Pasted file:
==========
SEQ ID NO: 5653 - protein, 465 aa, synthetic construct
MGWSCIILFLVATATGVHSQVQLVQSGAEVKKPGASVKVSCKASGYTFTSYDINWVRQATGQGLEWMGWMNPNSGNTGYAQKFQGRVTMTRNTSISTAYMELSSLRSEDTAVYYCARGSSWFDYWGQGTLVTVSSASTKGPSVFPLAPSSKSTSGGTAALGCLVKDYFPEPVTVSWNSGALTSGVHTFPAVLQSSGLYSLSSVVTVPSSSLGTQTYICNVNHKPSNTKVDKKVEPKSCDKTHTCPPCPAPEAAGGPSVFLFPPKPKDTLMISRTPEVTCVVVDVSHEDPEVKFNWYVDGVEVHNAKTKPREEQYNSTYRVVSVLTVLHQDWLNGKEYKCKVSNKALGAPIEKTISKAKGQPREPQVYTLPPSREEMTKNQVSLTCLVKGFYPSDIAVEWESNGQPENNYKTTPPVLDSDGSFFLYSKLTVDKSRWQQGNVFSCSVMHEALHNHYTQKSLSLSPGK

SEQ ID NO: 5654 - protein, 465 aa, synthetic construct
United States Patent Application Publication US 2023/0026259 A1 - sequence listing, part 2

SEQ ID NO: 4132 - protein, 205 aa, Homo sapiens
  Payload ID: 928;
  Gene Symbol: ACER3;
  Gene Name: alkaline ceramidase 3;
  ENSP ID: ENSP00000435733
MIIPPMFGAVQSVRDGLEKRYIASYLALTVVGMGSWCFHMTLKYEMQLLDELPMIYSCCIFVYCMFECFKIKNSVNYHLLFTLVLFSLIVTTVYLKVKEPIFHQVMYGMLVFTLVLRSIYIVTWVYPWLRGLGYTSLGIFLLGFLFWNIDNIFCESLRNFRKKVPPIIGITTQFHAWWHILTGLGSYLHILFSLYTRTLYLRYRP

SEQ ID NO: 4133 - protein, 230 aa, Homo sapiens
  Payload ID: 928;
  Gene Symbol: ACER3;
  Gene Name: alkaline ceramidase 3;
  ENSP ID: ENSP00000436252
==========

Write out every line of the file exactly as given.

SEQ ID NO: 5653 - protein, 465 aa, synthetic construct
MGWSCIILFLVATATGVHSQVQLVQSGAEVKKPGASVKVSCKASGYTFTSYDINWVRQATGQGLEWMGWMNPNSGNTGYAQKFQGRVTMTRNTSISTAYMELSSLRSEDTAVYYCARGSSWFDYWGQGTLVTVSSASTKGPSVFPLAPSSKSTSGGTAALGCLVKDYFPEPVTVSWNSGALTSGVHTFPAVLQSSGLYSLSSVVTVPSSSLGTQTYICNVNHKPSNTKVDKKVEPKSCDKTHTCPPCPAPEAAGGPSVFLFPPKPKDTLMISRTPEVTCVVVDVSHEDPEVKFNWYVDGVEVHNAKTKPREEQYNSTYRVVSVLTVLHQDWLNGKEYKCKVSNKALGAPIEKTISKAKGQPREPQVYTLPPSREEMTKNQVSLTCLVKGFYPSDIAVEWESNGQPENNYKTTPPVLDSDGSFFLYSKLTVDKSRWQQGNVFSCSVMHEALHNHYTQKSLSLSPGK

SEQ ID NO: 5654 - protein, 465 aa, synthetic construct
United States Patent Application Publication US 2023/0026259 A1 - sequence listing, part 2

SEQ ID NO: 4132 - protein, 205 aa, Homo sapiens
  Payload ID: 928;
  Gene Symbol: ACER3;
  Gene Name: alkaline ceramidase 3;
  ENSP ID: ENSP00000435733
MIIPPMFGAVQSVRDGLEKRYIASYLALTVVGMGSWCFHMTLKYEMQLLDELPMIYSCCIFVYCMFECFKIKNSVNYHLLFTLVLFSLIVTTVYLKVKEPIFHQVMYGMLVFTLVLRSIYIVTWVYPWLRGLGYTSLGIFLLGFLFWNIDNIFCESLRNFRKKVPPIIGITTQFHAWWHILTGLGSYLHILFSLYTRTLYLRYRP

SEQ ID NO: 4133 - protein, 230 aa, Homo sapiens
  Payload ID: 928;
  Gene Symbol: ACER3;
  Gene Name: alkaline ceramidase 3;
  ENSP ID: ENSP00000436252